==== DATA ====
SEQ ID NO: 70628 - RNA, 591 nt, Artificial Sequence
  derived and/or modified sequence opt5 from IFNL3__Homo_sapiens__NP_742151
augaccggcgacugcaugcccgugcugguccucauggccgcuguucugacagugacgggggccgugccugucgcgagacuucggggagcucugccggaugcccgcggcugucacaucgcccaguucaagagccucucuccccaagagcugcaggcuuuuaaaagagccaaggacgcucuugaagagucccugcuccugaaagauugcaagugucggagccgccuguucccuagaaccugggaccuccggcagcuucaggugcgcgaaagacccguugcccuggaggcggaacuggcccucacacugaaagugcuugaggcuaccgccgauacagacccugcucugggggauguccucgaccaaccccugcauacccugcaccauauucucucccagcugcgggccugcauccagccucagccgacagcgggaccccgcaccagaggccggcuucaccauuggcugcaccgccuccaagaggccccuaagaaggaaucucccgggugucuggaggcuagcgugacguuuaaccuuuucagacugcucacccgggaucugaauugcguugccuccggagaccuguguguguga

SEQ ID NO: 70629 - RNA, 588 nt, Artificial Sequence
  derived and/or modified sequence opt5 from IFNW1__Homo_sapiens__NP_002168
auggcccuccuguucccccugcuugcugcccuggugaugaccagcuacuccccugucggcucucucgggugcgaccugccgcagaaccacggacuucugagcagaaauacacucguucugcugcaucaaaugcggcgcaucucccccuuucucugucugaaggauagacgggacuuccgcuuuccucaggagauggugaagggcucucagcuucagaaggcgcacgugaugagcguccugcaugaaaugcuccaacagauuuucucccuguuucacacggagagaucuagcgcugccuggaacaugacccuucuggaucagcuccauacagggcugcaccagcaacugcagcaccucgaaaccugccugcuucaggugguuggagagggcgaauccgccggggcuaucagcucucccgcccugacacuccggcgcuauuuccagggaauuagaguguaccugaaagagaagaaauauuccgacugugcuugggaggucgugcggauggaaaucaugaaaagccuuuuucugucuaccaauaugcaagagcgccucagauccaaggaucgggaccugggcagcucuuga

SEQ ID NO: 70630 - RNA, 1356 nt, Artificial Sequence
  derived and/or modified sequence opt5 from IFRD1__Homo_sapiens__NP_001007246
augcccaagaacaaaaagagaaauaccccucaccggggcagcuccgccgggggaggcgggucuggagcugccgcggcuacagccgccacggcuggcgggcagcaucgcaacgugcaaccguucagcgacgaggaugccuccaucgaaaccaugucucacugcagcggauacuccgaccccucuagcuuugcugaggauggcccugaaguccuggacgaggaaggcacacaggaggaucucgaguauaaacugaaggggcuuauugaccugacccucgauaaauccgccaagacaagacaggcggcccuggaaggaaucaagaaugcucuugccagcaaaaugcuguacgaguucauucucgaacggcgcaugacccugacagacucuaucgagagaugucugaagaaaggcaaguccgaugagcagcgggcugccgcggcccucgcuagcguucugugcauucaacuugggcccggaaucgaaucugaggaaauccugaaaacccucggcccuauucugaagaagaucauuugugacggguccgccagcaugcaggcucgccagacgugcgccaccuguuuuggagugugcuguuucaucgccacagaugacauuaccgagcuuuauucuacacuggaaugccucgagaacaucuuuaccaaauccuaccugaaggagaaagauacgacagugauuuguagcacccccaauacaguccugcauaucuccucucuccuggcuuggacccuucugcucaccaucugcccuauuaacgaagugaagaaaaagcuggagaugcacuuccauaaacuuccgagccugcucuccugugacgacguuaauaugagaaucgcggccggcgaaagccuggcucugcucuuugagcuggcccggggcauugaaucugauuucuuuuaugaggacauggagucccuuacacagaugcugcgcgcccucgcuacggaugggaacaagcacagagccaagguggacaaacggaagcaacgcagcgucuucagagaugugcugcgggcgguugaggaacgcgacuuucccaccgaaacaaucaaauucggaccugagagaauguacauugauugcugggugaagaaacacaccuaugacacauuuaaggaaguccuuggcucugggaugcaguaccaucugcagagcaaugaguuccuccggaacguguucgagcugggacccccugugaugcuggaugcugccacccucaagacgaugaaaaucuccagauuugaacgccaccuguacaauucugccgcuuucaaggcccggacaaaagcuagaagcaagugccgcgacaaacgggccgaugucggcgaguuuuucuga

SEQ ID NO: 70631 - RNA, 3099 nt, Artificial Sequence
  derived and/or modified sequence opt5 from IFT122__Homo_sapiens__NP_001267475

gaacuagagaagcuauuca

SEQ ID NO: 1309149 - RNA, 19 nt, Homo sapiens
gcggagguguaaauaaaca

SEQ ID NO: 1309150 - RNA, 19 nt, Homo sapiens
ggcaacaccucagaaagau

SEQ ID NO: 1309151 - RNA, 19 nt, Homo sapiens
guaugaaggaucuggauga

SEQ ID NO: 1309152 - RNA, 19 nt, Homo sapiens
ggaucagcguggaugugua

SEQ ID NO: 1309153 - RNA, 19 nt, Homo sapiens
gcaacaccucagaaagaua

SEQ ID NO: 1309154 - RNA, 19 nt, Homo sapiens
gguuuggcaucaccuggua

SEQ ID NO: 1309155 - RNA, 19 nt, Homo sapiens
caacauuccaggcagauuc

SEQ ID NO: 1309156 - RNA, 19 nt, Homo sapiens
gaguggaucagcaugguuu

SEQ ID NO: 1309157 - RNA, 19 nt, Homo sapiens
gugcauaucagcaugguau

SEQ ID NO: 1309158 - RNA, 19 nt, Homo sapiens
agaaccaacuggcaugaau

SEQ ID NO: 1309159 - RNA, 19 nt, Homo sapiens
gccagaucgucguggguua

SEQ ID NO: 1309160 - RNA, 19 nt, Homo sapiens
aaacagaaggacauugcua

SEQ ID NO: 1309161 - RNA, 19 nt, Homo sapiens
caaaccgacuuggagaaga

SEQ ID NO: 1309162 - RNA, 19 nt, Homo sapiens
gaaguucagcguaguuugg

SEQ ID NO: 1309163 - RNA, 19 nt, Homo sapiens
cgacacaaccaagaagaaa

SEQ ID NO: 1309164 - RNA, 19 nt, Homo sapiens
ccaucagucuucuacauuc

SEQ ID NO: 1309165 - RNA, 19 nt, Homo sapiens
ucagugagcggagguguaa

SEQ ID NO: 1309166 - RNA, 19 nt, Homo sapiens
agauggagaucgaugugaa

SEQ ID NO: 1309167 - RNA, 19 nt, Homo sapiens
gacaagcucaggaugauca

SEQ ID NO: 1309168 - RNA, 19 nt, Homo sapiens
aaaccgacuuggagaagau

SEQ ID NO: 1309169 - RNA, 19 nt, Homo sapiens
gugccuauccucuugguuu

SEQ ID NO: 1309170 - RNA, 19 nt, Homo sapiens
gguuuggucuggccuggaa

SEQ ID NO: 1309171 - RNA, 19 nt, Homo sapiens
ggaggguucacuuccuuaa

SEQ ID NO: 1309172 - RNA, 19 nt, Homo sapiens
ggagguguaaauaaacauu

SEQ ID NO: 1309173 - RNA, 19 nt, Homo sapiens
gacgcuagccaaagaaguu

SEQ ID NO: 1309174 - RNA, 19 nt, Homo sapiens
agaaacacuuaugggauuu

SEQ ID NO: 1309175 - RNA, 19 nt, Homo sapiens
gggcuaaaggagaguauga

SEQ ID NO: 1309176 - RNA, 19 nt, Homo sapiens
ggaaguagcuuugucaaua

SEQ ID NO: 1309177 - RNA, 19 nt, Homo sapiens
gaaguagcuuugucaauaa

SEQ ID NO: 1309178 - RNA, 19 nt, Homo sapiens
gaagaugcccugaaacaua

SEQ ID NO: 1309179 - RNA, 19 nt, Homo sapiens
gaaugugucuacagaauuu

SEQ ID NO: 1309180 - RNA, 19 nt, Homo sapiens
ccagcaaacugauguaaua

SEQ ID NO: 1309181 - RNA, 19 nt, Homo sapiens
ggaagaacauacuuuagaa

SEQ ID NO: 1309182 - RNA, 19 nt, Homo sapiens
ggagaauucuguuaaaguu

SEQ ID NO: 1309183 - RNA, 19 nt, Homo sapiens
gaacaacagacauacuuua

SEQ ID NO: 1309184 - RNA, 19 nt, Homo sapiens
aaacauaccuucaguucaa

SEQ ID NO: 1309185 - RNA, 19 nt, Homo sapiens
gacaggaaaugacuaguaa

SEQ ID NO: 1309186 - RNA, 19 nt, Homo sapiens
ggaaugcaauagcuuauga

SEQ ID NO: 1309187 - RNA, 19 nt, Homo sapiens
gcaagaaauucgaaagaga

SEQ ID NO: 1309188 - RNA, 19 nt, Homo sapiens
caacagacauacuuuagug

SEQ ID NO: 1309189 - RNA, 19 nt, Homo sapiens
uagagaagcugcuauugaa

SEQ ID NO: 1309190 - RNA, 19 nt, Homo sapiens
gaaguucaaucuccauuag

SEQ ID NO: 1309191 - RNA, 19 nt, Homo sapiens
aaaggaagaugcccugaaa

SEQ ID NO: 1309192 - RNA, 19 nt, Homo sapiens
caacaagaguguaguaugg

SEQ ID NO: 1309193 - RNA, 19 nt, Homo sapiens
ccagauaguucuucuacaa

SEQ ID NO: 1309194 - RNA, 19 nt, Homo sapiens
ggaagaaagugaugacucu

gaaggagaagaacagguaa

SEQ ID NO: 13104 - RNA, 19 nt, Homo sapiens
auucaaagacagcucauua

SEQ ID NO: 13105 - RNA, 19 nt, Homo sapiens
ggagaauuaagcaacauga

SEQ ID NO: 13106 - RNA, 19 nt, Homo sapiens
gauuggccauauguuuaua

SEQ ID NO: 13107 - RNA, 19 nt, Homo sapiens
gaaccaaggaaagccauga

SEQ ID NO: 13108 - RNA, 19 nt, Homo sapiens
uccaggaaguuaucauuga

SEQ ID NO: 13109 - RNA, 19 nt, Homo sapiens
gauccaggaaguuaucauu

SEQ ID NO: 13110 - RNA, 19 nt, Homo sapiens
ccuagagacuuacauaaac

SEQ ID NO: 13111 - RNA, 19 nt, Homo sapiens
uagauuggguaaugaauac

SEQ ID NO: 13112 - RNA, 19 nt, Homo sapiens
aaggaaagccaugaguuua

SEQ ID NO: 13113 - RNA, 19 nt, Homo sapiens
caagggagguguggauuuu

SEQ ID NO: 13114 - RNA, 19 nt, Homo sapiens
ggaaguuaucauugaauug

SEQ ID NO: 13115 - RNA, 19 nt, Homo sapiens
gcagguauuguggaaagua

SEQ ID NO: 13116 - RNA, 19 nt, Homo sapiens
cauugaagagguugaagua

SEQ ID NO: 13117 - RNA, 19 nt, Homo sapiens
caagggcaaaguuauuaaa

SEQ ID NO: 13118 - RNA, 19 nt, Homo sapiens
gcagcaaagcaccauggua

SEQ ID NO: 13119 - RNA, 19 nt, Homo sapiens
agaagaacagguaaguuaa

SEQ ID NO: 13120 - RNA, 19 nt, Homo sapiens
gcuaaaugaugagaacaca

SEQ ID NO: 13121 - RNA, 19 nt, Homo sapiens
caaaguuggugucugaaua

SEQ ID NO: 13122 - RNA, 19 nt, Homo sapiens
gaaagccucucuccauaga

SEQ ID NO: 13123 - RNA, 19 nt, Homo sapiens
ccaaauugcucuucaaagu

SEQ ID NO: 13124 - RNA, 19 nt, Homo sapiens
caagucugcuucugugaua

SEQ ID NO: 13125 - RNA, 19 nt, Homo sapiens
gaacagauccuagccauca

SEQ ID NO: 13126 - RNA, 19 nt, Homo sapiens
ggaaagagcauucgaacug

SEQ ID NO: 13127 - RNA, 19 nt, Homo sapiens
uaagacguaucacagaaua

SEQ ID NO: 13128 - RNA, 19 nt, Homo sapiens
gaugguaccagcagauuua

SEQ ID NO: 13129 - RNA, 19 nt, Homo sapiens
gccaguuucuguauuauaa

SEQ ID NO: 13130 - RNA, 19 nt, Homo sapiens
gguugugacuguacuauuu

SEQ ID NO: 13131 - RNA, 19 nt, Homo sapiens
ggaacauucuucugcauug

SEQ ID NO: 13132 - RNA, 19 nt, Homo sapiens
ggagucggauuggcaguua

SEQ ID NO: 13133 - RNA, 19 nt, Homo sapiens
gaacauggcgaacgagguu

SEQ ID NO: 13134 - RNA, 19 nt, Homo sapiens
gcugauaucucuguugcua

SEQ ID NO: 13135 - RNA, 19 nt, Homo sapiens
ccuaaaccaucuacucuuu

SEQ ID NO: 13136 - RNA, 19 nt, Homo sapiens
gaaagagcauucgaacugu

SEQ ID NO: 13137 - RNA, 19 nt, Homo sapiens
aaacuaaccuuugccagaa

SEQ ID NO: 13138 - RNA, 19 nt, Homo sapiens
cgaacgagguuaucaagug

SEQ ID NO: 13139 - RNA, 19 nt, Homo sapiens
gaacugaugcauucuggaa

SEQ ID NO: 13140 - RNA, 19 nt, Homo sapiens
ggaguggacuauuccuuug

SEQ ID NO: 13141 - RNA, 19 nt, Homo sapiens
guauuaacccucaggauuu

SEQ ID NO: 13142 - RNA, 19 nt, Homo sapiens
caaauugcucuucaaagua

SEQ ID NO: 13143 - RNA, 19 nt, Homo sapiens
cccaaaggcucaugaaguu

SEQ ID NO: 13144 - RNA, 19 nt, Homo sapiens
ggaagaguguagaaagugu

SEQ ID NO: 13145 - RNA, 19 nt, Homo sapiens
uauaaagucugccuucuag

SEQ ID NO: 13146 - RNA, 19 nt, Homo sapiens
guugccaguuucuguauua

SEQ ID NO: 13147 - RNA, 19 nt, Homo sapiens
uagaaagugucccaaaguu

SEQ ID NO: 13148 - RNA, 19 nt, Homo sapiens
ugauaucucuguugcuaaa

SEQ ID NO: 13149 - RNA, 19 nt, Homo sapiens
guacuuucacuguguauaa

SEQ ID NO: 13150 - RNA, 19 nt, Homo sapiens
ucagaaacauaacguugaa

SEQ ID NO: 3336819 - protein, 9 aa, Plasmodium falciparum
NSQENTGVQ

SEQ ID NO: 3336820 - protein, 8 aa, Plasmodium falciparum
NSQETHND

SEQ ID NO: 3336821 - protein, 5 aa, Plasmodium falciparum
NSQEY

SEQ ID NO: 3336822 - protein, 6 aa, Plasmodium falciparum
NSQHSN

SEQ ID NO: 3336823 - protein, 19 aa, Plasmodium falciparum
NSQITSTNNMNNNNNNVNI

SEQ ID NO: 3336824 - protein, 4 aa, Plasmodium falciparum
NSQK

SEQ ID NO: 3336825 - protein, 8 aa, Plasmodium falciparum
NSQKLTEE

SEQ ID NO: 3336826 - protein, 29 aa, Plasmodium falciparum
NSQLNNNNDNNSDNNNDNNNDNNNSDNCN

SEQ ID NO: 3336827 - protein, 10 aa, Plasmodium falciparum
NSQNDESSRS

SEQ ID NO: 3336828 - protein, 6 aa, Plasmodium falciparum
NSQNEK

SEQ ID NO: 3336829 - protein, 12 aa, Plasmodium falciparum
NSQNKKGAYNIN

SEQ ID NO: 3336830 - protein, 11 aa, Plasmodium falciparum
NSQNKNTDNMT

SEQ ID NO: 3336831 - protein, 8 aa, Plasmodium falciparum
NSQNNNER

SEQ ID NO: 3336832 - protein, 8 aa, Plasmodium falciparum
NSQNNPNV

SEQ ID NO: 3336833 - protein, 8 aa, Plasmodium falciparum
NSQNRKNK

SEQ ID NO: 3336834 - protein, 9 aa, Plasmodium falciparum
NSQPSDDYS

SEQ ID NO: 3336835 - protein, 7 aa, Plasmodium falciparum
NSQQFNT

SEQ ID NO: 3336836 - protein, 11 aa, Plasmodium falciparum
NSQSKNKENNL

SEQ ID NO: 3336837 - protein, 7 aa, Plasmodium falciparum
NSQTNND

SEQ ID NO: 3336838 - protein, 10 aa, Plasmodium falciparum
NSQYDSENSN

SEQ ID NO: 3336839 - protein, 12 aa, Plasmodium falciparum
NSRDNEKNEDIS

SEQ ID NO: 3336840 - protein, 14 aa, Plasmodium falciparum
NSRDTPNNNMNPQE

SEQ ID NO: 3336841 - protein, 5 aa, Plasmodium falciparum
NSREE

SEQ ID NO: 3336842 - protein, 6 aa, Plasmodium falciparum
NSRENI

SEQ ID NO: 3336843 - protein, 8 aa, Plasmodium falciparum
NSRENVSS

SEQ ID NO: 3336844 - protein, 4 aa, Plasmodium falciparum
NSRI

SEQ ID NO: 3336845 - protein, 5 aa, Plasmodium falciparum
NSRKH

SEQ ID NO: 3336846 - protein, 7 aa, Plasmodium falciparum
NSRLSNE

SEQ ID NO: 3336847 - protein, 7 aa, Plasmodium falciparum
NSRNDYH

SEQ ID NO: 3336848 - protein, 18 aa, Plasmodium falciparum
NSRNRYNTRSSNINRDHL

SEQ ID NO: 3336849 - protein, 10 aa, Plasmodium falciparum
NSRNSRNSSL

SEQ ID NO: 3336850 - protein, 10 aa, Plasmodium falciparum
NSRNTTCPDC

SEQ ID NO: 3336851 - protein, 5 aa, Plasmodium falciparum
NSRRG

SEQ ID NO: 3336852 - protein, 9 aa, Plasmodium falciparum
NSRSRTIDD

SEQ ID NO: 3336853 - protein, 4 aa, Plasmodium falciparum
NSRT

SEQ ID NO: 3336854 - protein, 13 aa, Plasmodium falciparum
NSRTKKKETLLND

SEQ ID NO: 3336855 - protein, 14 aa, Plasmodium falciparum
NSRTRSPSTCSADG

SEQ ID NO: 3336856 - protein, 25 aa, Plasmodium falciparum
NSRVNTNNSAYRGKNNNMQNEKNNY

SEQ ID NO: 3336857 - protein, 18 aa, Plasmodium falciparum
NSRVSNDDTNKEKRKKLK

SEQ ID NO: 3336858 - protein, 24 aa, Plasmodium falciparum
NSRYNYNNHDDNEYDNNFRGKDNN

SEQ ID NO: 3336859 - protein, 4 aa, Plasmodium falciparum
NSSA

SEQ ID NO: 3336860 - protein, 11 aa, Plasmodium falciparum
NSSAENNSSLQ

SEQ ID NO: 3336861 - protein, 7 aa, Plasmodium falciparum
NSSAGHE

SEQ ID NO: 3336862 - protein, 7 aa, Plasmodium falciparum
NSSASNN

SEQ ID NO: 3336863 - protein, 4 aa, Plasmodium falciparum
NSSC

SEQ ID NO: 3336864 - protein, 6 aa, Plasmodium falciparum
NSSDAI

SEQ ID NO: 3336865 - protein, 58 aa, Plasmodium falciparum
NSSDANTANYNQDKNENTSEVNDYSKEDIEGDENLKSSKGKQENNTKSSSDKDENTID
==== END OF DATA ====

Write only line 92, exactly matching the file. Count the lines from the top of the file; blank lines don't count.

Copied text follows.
caacagacauacuuuagug